When your mortgage is delinquent and you fail to make new arrangements with the lender, it may foreclose on your home. However, the bank typically can't foreclose until it's filed a lawsuit and obtained permission from the court. If the court dismisses the lawsuit, the lender must either refile the suit or try to collect in other ways.
In most states, a lender can't force foreclosure without a court order. If you haven't been making your payments and the lender decides to foreclose, it typically files a complaint with the court. You receive a copy of the complaint, and you must choose whether to answer it, ignore it or file a motion for dismissal. At the hearing, the judge decides whether to allow the foreclosure case to proceed or to dismiss the case.
When a judge dismisses a foreclosure case, the matter closes and the foreclosure can't proceed. Judges may dismiss foreclosure cases if the lender can't prove it owns your mortgage or if the lender didn't follow the state's foreclosure procedure correctly. The lender may also dismiss the case if it discovers that it's has made a mistake in procedure or if you've made other arrangements to deal with the delinquency.
If the judge dismisses a foreclosure case because the lender made an error or doesn't have the ability to sue you, the lender must typically start the process again. However, it's possible to dismiss a case with prejudice in some states, which means that the plaintiff can't ever refile it. Even if the court dismisses the case without prejudice, some states may limit the number of times a lender can file the same foreclosure case.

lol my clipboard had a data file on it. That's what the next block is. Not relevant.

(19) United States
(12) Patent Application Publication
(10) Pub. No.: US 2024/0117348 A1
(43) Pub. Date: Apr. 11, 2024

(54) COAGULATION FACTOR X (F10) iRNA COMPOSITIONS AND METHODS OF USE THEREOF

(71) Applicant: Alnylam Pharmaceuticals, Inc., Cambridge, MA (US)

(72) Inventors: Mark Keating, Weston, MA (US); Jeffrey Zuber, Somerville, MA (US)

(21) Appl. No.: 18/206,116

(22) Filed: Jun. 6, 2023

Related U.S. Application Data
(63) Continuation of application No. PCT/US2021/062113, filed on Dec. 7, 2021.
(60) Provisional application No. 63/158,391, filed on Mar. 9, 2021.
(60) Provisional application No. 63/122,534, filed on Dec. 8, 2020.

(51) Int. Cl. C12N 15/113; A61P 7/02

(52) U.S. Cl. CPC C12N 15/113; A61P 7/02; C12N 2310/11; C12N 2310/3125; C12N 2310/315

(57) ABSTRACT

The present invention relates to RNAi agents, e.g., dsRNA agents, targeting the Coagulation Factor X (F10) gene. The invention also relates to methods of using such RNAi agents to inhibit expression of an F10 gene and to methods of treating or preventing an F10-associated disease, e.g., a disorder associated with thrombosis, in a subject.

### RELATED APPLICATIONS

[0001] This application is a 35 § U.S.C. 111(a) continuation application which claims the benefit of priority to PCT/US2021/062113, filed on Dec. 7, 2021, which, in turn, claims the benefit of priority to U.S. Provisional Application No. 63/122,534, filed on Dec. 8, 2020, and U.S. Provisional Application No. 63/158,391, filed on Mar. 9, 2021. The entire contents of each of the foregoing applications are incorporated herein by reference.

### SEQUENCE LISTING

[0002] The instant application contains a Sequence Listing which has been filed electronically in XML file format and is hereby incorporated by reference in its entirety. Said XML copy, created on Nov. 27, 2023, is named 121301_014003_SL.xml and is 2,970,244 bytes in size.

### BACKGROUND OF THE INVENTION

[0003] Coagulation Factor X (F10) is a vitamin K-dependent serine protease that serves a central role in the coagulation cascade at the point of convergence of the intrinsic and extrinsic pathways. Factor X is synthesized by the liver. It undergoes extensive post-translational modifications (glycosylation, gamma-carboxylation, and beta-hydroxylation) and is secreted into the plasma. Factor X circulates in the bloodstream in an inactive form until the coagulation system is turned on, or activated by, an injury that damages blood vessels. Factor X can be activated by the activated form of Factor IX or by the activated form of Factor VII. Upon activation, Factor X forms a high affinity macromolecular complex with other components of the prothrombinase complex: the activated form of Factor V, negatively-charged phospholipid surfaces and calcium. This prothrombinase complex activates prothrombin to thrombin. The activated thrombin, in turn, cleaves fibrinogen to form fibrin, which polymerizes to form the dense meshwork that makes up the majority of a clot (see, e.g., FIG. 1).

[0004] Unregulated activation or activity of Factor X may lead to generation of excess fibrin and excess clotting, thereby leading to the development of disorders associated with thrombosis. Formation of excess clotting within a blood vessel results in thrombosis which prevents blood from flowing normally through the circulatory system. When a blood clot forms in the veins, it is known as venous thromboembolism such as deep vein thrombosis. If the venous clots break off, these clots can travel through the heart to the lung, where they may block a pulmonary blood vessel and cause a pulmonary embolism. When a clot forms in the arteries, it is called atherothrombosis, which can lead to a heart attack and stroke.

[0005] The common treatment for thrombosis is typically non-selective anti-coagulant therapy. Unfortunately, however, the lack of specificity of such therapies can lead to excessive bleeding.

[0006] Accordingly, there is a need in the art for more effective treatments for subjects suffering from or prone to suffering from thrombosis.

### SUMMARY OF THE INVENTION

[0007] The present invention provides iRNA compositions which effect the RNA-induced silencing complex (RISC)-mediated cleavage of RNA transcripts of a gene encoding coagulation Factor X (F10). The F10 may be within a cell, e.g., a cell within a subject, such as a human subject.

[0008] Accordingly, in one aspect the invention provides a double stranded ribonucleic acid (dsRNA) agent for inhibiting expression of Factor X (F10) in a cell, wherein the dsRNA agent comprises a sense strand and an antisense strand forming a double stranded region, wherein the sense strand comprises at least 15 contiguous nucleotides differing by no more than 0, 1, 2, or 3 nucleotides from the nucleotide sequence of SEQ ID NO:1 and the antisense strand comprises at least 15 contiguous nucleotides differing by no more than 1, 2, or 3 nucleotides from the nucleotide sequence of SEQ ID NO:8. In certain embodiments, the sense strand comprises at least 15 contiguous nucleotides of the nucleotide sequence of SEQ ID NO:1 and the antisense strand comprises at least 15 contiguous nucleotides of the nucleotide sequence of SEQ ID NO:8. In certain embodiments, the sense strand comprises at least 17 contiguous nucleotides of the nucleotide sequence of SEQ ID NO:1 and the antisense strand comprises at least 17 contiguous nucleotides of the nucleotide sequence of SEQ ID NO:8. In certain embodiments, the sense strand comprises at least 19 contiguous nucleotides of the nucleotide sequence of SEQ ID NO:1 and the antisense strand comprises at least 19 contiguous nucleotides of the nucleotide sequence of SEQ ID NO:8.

If a lender is foreclosing on your home, you can sometimes offer a voluntary foreclosure (also known as "deed in lieu of foreclosure") and ask the lender to dismiss the case. Voluntary foreclosures are usually less detrimental to your credit and, in many states, agreeing to voluntary foreclosure prevents the lender from suing you if the proceeds from the sale of your home don't cover all of your debt. However, if you agree to a voluntary foreclosure, you also waive your right to receive the profit from the sale of your home if it sells for more than you owe.